The Labour MP John Mann, a member of the Treasury select committee, said the prime minister should resign, claiming that Cameron had “covered up and misled”.

      Cameron also admitted he did not know whether the £300,000 he inherited from his father had benefited from tax haven status due to part of his estate being based in a unit trust in Jersey.

      Penny Bright
      2016 Auckland Mayoral candidate.

      • Wayne 2.1.1

        Smacks of sins of the father being visited upon the children.

        The PM can hardly be held to account for the fact that his father operated Jersey and other funds. What his father did in his business life, is what he did, not what the PM has done.

        If the only direct involvement is the investment that PM sold in 2010, he will not be in any difficulty.

        It is a bit hard to ping him for the inheritance which relates, it seems, to his fathers actions.

        It is very different situation to the Iceland PM, who effectively effectively bet against the very banks he was bailing out.

        • ScottGN

          As usual though it’s not the crime so much as the cover-up that gets you. Downing Street has totally fucked this up and now they are panicking.

        • Anne

          Agree with Wayne. As someone who was once directly affected by the sins of her father (although in his case it was wrongful suspicion based on insufficient facts), I have empathy for any person – no matter who they are – who finds themselves in such a situation. If his only involvement was to sell the investment in question, then I can’t see how he can be made accountable for his father’s actions.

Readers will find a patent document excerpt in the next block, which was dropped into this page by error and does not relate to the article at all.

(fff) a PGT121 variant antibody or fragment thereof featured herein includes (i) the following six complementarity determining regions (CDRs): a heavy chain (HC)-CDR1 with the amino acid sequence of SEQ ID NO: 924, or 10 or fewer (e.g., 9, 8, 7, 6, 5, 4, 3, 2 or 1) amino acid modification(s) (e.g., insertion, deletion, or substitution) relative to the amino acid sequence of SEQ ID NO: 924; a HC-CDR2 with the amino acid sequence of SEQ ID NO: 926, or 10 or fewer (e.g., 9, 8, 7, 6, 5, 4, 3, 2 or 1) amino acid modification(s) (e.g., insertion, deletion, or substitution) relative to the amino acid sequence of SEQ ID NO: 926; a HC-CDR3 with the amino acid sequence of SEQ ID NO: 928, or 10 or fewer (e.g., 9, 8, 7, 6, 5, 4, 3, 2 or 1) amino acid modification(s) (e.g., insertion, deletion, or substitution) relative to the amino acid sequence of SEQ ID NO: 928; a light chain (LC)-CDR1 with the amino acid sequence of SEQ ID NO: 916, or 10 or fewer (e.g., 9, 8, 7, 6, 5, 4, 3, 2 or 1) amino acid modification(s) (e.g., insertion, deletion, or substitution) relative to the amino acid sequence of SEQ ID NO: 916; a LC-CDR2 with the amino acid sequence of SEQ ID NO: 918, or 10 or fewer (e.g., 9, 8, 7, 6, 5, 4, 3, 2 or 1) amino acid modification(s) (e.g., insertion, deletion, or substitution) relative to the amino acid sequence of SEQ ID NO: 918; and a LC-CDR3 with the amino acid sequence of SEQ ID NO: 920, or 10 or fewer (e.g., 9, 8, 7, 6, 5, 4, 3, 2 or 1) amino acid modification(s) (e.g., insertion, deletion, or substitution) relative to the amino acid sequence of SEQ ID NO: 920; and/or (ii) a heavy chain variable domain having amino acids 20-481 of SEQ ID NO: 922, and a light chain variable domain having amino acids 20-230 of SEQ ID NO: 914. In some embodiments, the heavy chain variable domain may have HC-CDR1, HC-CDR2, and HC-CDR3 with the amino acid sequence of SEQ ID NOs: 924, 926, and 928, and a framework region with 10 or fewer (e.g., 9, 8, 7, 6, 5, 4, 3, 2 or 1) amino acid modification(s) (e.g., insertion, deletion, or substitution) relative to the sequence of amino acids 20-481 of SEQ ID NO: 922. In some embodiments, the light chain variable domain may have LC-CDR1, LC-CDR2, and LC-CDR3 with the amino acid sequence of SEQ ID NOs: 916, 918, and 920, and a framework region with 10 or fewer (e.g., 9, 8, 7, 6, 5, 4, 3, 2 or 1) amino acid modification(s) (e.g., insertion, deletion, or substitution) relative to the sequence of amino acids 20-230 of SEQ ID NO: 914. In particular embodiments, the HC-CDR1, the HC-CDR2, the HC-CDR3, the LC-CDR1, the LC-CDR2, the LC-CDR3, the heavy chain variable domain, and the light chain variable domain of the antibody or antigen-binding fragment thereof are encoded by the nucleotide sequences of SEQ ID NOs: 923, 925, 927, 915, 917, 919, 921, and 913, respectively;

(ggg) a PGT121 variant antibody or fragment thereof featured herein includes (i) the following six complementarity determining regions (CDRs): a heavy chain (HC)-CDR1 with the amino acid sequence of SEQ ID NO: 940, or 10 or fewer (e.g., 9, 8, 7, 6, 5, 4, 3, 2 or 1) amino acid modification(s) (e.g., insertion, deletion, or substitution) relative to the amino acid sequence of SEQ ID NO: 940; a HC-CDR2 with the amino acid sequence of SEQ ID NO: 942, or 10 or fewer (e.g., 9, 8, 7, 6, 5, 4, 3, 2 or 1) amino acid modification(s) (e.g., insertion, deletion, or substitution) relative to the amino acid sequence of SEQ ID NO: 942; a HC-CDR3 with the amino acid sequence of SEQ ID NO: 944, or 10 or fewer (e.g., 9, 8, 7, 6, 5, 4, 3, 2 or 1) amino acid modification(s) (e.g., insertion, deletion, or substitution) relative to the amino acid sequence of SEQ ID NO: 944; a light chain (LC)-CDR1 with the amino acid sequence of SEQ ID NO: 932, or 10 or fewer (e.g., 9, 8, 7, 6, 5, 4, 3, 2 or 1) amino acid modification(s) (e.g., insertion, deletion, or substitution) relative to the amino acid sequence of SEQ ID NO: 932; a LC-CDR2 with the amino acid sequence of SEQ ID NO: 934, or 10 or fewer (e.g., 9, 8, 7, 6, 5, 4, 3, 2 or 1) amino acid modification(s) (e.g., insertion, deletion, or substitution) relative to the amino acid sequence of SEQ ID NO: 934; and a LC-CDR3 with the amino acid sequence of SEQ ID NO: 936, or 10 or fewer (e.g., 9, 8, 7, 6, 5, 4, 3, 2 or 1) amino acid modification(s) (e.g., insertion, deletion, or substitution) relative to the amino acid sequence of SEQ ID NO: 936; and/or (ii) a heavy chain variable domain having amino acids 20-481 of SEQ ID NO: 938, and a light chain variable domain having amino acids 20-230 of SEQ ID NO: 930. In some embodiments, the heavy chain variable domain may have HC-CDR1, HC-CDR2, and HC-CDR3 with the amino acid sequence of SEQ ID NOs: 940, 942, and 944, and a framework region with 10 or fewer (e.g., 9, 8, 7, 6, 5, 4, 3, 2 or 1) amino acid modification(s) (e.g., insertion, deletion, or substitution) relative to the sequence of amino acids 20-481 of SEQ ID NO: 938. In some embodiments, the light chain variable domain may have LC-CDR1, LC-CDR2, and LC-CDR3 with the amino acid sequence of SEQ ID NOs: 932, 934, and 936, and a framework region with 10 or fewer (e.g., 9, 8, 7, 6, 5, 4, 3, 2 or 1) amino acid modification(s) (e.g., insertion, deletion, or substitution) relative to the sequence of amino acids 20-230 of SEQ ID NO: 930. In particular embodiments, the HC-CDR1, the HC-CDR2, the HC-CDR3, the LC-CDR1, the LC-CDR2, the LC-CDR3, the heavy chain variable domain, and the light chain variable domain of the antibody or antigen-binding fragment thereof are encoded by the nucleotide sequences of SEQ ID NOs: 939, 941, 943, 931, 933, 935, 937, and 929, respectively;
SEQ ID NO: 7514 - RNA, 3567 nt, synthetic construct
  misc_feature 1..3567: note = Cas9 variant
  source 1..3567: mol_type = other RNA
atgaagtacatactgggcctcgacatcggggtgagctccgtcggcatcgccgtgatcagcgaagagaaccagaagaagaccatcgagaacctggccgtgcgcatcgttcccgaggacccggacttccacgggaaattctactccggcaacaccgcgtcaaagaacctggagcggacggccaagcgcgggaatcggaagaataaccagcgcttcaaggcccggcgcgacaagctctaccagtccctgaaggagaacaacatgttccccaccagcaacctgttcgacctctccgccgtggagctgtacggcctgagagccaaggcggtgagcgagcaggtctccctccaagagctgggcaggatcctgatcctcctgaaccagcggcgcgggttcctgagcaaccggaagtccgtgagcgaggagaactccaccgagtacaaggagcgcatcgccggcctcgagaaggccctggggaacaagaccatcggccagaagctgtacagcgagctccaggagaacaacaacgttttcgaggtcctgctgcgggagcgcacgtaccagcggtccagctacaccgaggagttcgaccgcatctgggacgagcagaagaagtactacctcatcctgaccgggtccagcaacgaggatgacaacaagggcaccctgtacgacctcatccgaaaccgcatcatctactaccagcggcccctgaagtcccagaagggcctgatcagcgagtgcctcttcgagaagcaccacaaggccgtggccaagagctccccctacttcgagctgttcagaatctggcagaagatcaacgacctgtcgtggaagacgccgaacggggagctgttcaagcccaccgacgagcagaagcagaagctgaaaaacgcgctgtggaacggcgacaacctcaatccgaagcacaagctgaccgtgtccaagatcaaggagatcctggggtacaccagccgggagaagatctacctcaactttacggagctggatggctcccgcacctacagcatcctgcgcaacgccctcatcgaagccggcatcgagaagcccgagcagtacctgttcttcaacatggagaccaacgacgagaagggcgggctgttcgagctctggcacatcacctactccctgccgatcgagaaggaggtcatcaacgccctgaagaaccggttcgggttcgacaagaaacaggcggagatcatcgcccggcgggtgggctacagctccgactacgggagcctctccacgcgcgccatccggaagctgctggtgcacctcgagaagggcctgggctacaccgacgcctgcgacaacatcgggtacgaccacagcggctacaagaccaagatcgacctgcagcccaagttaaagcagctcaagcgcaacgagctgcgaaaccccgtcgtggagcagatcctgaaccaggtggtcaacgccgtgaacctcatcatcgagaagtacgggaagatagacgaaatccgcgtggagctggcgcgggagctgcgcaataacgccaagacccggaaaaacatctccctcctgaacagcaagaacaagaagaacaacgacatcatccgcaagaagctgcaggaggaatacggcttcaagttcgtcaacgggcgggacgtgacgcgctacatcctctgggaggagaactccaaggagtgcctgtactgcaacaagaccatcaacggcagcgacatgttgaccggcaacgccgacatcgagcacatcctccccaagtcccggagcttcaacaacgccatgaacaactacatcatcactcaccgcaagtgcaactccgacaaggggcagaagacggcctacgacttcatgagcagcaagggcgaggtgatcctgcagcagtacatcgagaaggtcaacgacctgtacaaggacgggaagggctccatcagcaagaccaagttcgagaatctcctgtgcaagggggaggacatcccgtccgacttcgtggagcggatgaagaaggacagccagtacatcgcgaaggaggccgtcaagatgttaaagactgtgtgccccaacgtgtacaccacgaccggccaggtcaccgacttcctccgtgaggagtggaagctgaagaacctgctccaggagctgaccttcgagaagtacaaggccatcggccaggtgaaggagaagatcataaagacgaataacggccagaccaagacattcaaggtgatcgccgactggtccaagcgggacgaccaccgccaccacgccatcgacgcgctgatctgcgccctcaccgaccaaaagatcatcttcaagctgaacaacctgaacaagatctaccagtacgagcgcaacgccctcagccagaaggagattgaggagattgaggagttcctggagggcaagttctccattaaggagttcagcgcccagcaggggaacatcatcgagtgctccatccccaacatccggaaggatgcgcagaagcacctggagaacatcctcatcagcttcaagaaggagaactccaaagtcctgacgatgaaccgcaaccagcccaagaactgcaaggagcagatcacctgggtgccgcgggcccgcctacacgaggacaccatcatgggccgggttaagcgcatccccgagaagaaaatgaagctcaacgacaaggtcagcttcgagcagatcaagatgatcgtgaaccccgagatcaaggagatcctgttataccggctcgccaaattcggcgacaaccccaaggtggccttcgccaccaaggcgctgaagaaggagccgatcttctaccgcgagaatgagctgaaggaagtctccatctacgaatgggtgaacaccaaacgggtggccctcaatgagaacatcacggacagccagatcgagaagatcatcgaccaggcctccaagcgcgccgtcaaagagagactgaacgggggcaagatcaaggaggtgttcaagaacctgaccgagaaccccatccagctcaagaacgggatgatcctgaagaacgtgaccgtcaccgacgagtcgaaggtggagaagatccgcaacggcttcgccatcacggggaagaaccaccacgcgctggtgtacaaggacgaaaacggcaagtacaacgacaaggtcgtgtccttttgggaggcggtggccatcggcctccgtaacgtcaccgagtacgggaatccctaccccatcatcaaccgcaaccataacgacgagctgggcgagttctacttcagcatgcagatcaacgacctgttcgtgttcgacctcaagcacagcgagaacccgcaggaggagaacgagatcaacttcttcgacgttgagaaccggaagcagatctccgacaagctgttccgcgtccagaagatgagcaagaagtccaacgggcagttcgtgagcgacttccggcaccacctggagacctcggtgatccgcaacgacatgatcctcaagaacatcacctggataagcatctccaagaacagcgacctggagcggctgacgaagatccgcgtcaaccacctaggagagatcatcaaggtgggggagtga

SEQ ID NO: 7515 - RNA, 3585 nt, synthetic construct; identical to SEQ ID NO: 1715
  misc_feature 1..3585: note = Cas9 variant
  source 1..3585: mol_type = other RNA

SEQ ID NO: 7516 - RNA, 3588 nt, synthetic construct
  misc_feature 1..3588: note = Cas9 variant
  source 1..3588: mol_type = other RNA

• ScottGN

            He’s not being made accountable for his father’s actions, he’s been held to account for benefitting from his father’s actions and then subsequently misleading the British public about that.

        • Penny Bright

          Will David Cameron have to resign following the revelations
          of the Panama Papers?

          More news on this from The Independent……


          On whether Mr Cameron should resign, Mr Watson told Sky News: “I think it’s too early to tell. He may have to resign over this but I think we need to know a lot more about what his financial arrangements have been, why it’s taken three days for him to answer legitimate questions from journalists, why he didn’t come clean when he heralded in the new age of transparency, and what other shareholdings does David Cameron have or has had since he was a Member of Parliament.”

          It was not too early for John Mann, a Labour MP and member of the Treasury Select Committee, who said the Prime Minister should quit. He wrote on his Twitter account: “Cameron has been less than honest. He should resign immediately. Most decent people would expect nothing less.

          “So during the 2010 general election campaign Cameron failed to declare offshore shares. Get out now hypocrite. Cameron has had six years to be honest with Parliament and the people. He failed to do so. Get out now hypocrite…Cameron issue is simple. He covered up and misled. How he got his shares is irrelevant. He has no choice but to resign.”

          Mr Cameron also faced questions after it emerged he personally intervened to try to prevent EU transparency rules affecting offshore tax trusts.

          The Prime Minister was forced to respond after it emerged that he sent a letter to the European Council president Herman van Rompuy in 2013 arguing for trusts to be treated differently from companies in anti-money laundering rules.

          …. ”

          Penny Bright

          2016 Auckland Mayoral candidate.